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Hyperhydrosis (Excessive sweating)


What is it?

Hyperhidrosis, also known as polyhidrosis or sudorrhea, is a medical condition where a person sweats excessively and unpredictably. Hyperhidrosis patients sweat even when it is cool and even when they are resting.

Causes

  • Excessive sweating can occur for no obvious reason.
  • It could also occur from another pre-existing medical condition.
  • Some patients suffer from excessive sweating due to a side effect of the medication they are consuming.

Symptoms

  • Clammy or wet palms of the hands
  • Clammy or wet soles of the feet
  • Frequent sweating
  • Noticeable sweating that soaks through clothing

Types of Hyperhydrosis

Hyperhydrosis can occur in various forms, including,

  • Primary or Focal Hyperhidrosis: When excessive sweating affects the hands, feet, and armpits.
  • Secondary Hyperhidrosis: If the sweating occurs as a result of another medical condition, including, Anxiety conditions, Cancer, Glucose control disorders, Heart diseases, Overactive thyroid, Lung disease, Menopause, Parkinson disease, Pheochromocytoma (adrenal gland tumor), Stroke, Tuberculosis or other infections.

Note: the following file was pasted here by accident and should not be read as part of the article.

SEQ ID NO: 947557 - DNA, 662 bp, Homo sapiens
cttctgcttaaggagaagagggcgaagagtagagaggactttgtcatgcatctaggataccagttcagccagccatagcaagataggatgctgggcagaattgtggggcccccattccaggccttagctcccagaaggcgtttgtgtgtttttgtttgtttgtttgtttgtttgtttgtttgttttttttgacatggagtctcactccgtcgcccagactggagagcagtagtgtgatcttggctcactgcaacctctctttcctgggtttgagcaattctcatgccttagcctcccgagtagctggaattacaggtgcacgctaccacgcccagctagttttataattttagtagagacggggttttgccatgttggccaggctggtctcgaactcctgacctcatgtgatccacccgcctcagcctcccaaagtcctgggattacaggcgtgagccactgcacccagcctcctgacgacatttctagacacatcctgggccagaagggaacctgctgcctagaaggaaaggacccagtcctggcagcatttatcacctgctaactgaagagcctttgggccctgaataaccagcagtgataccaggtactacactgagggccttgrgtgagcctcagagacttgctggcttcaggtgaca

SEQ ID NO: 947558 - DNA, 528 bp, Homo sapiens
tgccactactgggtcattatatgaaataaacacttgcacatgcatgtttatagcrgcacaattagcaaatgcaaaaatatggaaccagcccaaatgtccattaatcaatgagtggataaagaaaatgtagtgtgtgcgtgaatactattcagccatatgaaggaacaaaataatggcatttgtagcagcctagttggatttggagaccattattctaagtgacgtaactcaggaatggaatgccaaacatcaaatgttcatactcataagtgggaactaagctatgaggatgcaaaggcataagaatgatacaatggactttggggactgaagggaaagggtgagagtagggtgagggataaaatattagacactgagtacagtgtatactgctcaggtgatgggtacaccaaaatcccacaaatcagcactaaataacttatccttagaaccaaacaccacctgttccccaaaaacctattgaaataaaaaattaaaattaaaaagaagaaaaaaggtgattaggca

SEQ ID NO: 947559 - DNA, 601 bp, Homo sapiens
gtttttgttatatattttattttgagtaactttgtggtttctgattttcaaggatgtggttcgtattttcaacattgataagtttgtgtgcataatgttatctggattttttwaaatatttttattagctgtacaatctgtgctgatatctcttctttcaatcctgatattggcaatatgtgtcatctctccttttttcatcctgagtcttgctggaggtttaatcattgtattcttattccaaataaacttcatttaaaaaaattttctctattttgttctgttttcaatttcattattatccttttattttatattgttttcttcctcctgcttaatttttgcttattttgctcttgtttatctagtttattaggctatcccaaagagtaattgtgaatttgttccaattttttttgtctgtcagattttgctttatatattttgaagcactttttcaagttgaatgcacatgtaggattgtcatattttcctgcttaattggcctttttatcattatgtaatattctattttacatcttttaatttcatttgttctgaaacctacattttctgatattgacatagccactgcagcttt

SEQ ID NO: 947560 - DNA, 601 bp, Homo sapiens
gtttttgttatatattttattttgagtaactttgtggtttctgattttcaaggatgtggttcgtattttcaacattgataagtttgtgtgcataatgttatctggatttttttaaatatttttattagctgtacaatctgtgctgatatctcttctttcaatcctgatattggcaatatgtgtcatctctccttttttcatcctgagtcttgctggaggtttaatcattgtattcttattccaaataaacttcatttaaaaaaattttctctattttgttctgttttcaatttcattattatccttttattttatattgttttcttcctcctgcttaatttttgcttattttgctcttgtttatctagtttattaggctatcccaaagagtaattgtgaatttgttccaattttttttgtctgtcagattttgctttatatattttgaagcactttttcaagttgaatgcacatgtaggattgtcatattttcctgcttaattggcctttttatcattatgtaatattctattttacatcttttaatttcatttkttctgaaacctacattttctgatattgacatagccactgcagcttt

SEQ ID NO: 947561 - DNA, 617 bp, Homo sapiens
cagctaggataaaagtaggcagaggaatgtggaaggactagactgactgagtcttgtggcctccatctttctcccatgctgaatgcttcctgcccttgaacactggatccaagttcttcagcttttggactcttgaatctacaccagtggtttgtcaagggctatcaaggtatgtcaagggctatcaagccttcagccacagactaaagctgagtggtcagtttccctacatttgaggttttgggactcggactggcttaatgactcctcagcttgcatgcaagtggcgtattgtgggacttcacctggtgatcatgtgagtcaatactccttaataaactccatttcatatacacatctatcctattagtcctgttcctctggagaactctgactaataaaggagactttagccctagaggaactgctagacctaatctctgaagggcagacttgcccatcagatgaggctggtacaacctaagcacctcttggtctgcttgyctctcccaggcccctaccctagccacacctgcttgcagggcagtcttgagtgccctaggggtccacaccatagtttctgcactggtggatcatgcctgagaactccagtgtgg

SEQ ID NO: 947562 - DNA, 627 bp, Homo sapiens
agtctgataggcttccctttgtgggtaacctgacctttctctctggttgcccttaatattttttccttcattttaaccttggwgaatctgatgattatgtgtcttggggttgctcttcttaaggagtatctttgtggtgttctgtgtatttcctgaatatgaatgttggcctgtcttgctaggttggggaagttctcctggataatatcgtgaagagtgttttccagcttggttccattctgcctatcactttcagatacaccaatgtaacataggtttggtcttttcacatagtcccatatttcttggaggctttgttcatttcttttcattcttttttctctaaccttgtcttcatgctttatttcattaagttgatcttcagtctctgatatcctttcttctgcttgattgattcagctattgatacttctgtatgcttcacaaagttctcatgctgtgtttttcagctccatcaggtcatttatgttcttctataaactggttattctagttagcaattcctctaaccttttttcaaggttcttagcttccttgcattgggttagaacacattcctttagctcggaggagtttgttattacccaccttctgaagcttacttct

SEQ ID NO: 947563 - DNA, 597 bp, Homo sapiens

Treatment

Some of the treatment options known for Hyperhydrosis are:

  • Antiperspirants: Excessive sweating may be controlled with strong antiperspirants, which plug the sweat ducts. They can cause skin irritation, and large doses of aluminum chloride can also damage clothing.
  • Medicines: may help prevent stimulation of sweat glands. They are usually prescribed for certain types of hyperhidrosis such as excessive sweating of the face. They might have side effects.
  • Iontophoresis: uses electricity to temporarily turn off the sweat gland and is effective for sweating of the hands and feet. The doctors place the patient’s hands or feet in water and a gentle current of electricity is passed through it. The electricity dosage is gradually increased until the person feels a light tingling sensation.
  • Botox: is used to treat severe underarm, palmar, and plantar sweating. It is injected into the underarm to temporarily block the nerves that stimulate sweating. Side effects include injection-site pain and flu-like symptoms.
  • Endoscopic thoracic sympathectomy (ETS): is usually performed for severe cases. It is a minimally invasive surgical procedure where the doctor cuts a nerve, turning off the signal that tells the body to sweat excessively.
    Underarm surgery: removes the sweat glands in the armpits employing methods like laser, curettage (scraping), excision (cutting), or liposuction.

Authored By: Dr. Priya J Talageri

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